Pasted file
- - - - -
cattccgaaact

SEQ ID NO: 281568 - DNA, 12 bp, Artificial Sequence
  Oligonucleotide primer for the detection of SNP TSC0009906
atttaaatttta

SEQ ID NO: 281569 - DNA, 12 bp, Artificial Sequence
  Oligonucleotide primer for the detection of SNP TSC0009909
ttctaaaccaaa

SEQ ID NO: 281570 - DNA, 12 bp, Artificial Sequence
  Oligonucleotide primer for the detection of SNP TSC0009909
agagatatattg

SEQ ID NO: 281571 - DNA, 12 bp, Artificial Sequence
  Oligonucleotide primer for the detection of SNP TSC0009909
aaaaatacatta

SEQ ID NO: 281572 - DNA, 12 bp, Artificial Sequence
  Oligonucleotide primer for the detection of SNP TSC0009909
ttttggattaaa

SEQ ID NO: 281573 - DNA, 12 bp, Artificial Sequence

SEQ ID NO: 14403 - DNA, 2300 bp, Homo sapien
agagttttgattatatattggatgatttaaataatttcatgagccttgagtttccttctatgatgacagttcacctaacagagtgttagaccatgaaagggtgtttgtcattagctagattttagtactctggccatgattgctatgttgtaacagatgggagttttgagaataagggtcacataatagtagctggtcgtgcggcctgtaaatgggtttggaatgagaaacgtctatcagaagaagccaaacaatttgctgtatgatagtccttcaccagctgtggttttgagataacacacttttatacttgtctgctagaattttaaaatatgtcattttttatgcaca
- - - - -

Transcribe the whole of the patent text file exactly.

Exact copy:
cattccgaaact

SEQ ID NO: 281568 - DNA, 12 bp, Artificial Sequence
  Oligonucleotide primer for the detection of SNP TSC0009906
atttaaatttta

SEQ ID NO: 281569 - DNA, 12 bp, Artificial Sequence
  Oligonucleotide primer for the detection of SNP TSC0009909
ttctaaaccaaa

SEQ ID NO: 281570 - DNA, 12 bp, Artificial Sequence
  Oligonucleotide primer for the detection of SNP TSC0009909
agagatatattg

SEQ ID NO: 281571 - DNA, 12 bp, Artificial Sequence
  Oligonucleotide primer for the detection of SNP TSC0009909
aaaaatacatta

SEQ ID NO: 281572 - DNA, 12 bp, Artificial Sequence
  Oligonucleotide primer for the detection of SNP TSC0009909
ttttggattaaa

SEQ ID NO: 281573 - DNA, 12 bp, Artificial Sequence

SEQ ID NO: 14403 - DNA, 2300 bp, Homo sapien
agagttttgattatatattggatgatttaaataatttcatgagccttgagtttccttctatgatgacagttcacctaacagagtgttagaccatgaaagggtgtttgtcattagctagattttagtactctggccatgattgctatgttgtaacagatgggagttttgagaataagggtcacataatagtagctggtcgtgcggcctgtaaatgggtttggaatgagaaacgtctatcagaagaagccaaacaatttgctgtatgatagtccttcaccagctgtggttttgagataacacacttttatacttgtctgctagaattttaaaatatgtcattttttatgcaca